i same mountains ; a field far more accessible for him in a strategi- cal point of view, and attainable in half the space of time. So reasoned the politicians of Germany, and they rose to a man to communicate their fears to the nation.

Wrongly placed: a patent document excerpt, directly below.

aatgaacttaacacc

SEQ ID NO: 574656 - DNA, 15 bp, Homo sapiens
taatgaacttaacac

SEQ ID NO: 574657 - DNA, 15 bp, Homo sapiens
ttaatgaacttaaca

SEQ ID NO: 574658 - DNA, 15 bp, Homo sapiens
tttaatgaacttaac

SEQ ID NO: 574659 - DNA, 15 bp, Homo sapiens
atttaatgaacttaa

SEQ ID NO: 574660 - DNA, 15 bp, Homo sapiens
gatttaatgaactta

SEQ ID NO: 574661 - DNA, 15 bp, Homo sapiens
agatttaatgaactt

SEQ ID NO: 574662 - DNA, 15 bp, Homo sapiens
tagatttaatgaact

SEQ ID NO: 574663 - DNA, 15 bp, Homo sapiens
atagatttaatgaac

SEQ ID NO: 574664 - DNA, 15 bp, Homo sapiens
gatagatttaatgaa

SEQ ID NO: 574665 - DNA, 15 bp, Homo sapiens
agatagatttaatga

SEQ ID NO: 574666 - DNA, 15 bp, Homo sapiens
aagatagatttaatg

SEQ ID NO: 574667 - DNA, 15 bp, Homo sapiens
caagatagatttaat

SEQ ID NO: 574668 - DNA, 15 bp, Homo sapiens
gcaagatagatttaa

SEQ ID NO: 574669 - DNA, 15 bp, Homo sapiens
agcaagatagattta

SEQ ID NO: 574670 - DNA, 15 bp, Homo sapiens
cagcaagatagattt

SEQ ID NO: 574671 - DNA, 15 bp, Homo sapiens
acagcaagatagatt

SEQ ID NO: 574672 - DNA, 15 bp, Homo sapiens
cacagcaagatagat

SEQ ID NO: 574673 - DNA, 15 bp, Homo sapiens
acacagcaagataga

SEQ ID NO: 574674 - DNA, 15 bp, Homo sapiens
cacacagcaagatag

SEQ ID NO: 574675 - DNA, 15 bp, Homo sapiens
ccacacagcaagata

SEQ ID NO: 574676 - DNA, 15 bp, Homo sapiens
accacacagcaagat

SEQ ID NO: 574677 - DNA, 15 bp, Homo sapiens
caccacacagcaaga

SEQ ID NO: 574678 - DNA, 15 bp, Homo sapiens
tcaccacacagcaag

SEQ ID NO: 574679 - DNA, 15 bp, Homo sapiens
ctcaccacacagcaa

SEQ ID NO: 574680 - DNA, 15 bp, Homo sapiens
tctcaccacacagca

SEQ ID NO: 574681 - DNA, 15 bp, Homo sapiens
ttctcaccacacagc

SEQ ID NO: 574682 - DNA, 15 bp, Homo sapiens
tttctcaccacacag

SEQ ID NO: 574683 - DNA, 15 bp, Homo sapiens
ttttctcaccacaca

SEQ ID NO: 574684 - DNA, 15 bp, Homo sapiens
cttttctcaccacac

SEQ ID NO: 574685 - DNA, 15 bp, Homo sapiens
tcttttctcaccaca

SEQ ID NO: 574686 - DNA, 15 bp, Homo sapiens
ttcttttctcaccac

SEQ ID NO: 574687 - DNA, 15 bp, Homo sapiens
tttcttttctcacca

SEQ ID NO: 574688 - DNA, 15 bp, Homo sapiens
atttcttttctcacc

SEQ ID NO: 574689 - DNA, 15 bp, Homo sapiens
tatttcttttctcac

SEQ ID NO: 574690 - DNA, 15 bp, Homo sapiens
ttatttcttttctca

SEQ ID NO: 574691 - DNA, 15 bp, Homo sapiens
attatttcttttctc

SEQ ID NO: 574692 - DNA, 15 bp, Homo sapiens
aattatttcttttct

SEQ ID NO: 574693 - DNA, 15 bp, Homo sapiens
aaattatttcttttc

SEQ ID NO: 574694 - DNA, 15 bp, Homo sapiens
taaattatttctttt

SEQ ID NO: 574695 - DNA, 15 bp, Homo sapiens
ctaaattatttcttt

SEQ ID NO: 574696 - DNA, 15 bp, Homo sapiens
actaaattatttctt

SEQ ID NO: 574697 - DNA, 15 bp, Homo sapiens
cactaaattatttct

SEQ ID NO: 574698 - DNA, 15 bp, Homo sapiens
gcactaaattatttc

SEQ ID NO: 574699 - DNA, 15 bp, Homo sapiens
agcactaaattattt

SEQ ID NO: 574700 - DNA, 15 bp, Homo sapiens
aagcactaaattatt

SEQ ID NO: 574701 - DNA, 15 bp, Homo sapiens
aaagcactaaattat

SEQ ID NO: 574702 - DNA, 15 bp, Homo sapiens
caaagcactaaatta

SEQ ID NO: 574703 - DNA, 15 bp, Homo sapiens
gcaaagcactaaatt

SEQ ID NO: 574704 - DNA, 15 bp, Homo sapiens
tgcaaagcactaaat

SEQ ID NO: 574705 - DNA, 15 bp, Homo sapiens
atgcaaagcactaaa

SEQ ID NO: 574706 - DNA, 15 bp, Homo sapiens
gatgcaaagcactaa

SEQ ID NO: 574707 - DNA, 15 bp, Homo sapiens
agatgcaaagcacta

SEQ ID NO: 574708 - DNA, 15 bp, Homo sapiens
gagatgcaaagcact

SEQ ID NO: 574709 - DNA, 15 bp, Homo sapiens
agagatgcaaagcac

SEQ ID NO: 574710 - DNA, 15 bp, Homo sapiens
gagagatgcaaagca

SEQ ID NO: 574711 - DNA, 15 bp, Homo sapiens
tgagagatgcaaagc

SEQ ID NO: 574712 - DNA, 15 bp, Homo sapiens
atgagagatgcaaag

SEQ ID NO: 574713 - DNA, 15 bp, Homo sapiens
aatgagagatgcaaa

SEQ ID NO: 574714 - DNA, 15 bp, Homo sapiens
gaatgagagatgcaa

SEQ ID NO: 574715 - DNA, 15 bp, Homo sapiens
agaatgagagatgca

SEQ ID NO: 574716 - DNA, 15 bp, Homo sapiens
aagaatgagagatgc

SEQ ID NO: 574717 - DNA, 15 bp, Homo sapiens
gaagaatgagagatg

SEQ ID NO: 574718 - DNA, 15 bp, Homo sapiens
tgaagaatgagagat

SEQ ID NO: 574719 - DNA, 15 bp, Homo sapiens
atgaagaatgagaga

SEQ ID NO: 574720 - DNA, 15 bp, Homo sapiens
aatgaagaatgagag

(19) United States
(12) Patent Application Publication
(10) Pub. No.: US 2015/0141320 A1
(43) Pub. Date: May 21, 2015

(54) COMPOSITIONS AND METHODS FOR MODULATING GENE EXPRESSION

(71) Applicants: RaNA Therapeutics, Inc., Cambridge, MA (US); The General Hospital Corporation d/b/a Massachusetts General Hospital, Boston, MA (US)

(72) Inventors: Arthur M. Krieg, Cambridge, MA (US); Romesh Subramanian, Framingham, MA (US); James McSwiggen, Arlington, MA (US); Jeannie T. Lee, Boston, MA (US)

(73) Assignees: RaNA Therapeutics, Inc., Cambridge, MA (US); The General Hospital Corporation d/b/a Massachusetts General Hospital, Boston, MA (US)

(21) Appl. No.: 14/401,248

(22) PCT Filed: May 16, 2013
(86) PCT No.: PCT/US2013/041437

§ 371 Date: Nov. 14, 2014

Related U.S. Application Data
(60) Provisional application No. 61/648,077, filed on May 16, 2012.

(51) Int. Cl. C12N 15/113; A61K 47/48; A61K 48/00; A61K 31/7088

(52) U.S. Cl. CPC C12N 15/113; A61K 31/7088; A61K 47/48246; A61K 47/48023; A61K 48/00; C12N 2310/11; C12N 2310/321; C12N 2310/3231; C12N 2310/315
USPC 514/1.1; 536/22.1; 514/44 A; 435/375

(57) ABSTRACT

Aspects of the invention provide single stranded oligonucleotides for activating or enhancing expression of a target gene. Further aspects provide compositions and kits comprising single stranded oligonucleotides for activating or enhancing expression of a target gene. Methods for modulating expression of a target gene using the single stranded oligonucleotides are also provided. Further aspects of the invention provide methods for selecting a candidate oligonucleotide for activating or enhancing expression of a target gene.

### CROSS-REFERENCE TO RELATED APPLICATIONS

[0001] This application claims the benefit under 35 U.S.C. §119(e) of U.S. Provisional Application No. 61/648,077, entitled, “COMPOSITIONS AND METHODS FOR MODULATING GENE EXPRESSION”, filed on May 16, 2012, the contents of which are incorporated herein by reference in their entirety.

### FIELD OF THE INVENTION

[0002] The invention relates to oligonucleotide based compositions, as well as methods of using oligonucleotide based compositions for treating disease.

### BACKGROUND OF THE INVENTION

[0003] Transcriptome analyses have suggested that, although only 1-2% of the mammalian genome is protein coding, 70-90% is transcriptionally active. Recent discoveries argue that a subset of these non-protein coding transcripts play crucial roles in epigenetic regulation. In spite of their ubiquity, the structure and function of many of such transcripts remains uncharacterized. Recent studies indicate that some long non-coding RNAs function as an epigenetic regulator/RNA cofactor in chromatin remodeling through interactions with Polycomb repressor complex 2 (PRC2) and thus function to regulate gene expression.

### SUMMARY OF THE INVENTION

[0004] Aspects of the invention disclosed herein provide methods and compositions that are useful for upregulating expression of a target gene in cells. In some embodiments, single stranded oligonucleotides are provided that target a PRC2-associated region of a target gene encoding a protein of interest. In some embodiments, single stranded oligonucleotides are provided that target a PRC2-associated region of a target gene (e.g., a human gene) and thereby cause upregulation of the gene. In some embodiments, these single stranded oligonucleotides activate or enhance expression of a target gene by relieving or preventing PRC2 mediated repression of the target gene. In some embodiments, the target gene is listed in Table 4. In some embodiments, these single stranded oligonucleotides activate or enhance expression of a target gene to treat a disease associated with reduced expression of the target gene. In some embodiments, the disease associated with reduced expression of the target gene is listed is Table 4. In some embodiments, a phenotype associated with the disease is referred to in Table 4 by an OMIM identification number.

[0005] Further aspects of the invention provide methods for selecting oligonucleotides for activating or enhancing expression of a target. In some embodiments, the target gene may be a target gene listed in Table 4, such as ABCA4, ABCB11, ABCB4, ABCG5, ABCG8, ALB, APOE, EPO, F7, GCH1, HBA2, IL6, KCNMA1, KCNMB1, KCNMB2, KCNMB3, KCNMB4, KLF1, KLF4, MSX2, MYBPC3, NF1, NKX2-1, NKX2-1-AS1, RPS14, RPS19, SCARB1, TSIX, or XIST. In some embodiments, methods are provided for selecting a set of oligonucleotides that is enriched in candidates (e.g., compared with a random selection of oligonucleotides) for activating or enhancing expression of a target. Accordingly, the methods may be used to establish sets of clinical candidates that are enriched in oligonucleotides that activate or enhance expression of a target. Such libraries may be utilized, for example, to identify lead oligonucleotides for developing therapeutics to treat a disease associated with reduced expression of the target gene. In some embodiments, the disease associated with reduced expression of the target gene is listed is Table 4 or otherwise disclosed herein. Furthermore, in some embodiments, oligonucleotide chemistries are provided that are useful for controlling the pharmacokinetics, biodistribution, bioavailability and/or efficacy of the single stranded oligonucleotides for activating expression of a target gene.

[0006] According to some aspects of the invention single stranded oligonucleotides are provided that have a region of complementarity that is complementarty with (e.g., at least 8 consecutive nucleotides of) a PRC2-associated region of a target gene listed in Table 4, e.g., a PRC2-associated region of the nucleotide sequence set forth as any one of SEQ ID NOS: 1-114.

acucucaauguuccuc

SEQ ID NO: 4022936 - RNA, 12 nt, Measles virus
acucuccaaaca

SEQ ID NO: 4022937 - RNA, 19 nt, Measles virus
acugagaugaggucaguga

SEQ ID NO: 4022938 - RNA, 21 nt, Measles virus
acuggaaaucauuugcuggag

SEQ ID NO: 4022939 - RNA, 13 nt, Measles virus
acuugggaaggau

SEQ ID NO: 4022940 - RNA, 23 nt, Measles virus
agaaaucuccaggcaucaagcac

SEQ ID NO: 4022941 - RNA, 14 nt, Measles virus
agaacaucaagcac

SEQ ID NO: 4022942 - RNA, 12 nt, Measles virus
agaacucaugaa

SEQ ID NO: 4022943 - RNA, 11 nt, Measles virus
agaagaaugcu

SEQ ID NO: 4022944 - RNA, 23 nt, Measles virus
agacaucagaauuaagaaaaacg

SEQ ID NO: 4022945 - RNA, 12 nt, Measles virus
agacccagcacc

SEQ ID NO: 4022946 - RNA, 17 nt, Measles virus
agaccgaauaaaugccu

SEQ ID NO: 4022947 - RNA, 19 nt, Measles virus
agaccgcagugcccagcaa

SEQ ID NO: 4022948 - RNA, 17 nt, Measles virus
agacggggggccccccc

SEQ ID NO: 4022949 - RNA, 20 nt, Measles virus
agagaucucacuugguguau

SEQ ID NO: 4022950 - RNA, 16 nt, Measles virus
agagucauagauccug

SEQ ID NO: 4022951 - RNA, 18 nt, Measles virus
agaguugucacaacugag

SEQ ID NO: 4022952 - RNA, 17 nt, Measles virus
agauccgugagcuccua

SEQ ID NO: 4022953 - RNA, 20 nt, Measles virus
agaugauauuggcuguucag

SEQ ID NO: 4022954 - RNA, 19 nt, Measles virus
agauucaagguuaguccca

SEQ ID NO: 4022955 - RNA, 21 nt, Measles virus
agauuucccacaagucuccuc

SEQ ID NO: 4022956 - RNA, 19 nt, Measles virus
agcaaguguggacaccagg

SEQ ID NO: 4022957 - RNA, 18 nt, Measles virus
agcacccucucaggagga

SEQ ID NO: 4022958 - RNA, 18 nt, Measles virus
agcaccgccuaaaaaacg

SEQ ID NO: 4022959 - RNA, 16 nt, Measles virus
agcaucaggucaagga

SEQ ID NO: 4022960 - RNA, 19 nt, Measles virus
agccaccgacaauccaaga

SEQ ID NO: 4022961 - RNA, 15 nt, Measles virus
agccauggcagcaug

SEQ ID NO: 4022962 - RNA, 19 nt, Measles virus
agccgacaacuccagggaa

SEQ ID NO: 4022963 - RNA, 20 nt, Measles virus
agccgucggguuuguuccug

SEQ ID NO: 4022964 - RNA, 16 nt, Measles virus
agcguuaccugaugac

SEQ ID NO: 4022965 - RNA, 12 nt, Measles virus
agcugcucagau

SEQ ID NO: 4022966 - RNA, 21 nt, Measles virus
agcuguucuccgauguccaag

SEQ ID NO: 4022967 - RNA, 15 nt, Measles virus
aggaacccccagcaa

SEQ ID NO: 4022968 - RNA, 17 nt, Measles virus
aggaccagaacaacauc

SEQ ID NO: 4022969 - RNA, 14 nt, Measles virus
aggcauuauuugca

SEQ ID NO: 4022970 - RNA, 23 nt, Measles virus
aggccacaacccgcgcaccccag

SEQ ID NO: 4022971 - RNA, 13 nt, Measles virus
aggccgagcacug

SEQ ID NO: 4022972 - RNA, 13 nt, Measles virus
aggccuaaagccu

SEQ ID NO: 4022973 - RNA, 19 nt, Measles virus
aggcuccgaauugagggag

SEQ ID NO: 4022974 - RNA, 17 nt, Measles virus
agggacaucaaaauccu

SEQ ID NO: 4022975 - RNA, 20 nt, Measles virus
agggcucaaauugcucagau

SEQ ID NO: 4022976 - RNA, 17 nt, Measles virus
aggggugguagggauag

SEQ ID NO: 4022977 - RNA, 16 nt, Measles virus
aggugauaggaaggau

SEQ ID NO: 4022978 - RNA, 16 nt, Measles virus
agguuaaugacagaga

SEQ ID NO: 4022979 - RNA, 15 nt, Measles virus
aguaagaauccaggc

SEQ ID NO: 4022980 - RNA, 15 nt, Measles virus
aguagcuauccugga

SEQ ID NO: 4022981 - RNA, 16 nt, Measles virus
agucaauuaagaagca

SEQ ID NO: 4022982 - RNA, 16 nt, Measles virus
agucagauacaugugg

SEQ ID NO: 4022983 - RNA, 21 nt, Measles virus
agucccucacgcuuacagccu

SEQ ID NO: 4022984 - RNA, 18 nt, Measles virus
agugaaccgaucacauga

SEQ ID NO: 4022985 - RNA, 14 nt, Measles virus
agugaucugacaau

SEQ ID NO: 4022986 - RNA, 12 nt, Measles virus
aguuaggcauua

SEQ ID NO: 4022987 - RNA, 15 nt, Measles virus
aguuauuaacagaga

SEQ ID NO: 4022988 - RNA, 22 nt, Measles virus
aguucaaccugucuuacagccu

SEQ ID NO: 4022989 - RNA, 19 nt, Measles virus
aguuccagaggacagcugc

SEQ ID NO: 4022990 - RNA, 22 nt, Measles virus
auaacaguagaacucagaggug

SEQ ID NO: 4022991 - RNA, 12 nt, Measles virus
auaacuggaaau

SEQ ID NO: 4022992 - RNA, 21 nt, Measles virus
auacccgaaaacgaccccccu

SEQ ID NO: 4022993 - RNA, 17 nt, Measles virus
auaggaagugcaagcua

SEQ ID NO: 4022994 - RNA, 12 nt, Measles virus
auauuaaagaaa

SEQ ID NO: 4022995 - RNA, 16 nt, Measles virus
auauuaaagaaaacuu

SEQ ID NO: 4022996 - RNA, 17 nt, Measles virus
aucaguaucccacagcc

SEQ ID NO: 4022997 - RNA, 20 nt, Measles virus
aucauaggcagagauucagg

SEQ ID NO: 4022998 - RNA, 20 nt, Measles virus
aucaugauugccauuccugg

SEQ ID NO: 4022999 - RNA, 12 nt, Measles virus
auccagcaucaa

The first result of this communication was a congress of party leaders from different States of the Confederation, which assembled on the 14th of August, at the little town of Eisenach, in Thu- ringia, a place situated very nearly in the centre of Germany. Several resolutions were drawn up at this Congress, all expressive of the feeling of the present political helplessness of their country and of the earnest desire to remedy this state of things. But then came the great question as to the beat means of remedying it. Long and earnest were the debates on this point, but at last it was unanimously decided that the only safe rallying stand for the German nation would be Prussia. All opinions and considera- tions duly weighed, it was felt that of the two poles between which the desire for German unity had been hitherto vibrating, Austria and Prussia, the former had been too often tried, and too often found wanting to be trusted again, and that, therefore, all hopes now rested in the latter. This decision once settled, it was forthwith embodied in a kind of manifesto, " The Declaration of Eisenach " (Die Eisenacher Erklitrung), which was sent about for signature to the leading men of the different States of the Confederation. According to the latest reports, gathered from the Augsburg Gazette (a paper, by the bye, very unfavourable to Prussia, and the acknowledged partisan of Austria), this declara- tion has been endorsed by 625 names, all without exception those of eminent men, and not a few of them of European fame. It is highly instructive to peruse this list, so as to see the quota which each of the different States of the Confederation has furnished to it. Taken in alphabetical order, we find that the following is the re- sult : from Baden 19, Bavaria 25, Brunswick 11, Frankfort 8, Hamburg 8, Hesse-Darmstadt 33, Hesse-Kassel 168, Lubeck 54, Prussia 182, Saxony (kingdom of) 15, Saxe-Coburg 5, Saxe-Gotha 26, Saxe-Meiningen 17, Saxe-Weimar 54. There is not a single name from Austria, none from Hanover, and none from Wiirtem- berg, which are very noteworthy facts as far as the negative side of this list is concerned. As regards the positive, it is certainly the most important manifestation of public opinion which Ger- many has given since the stormy days of 1849, when the repre- sentatives of the nation at Frankfort offered the ancient crown of the Empire to the King of Prussia.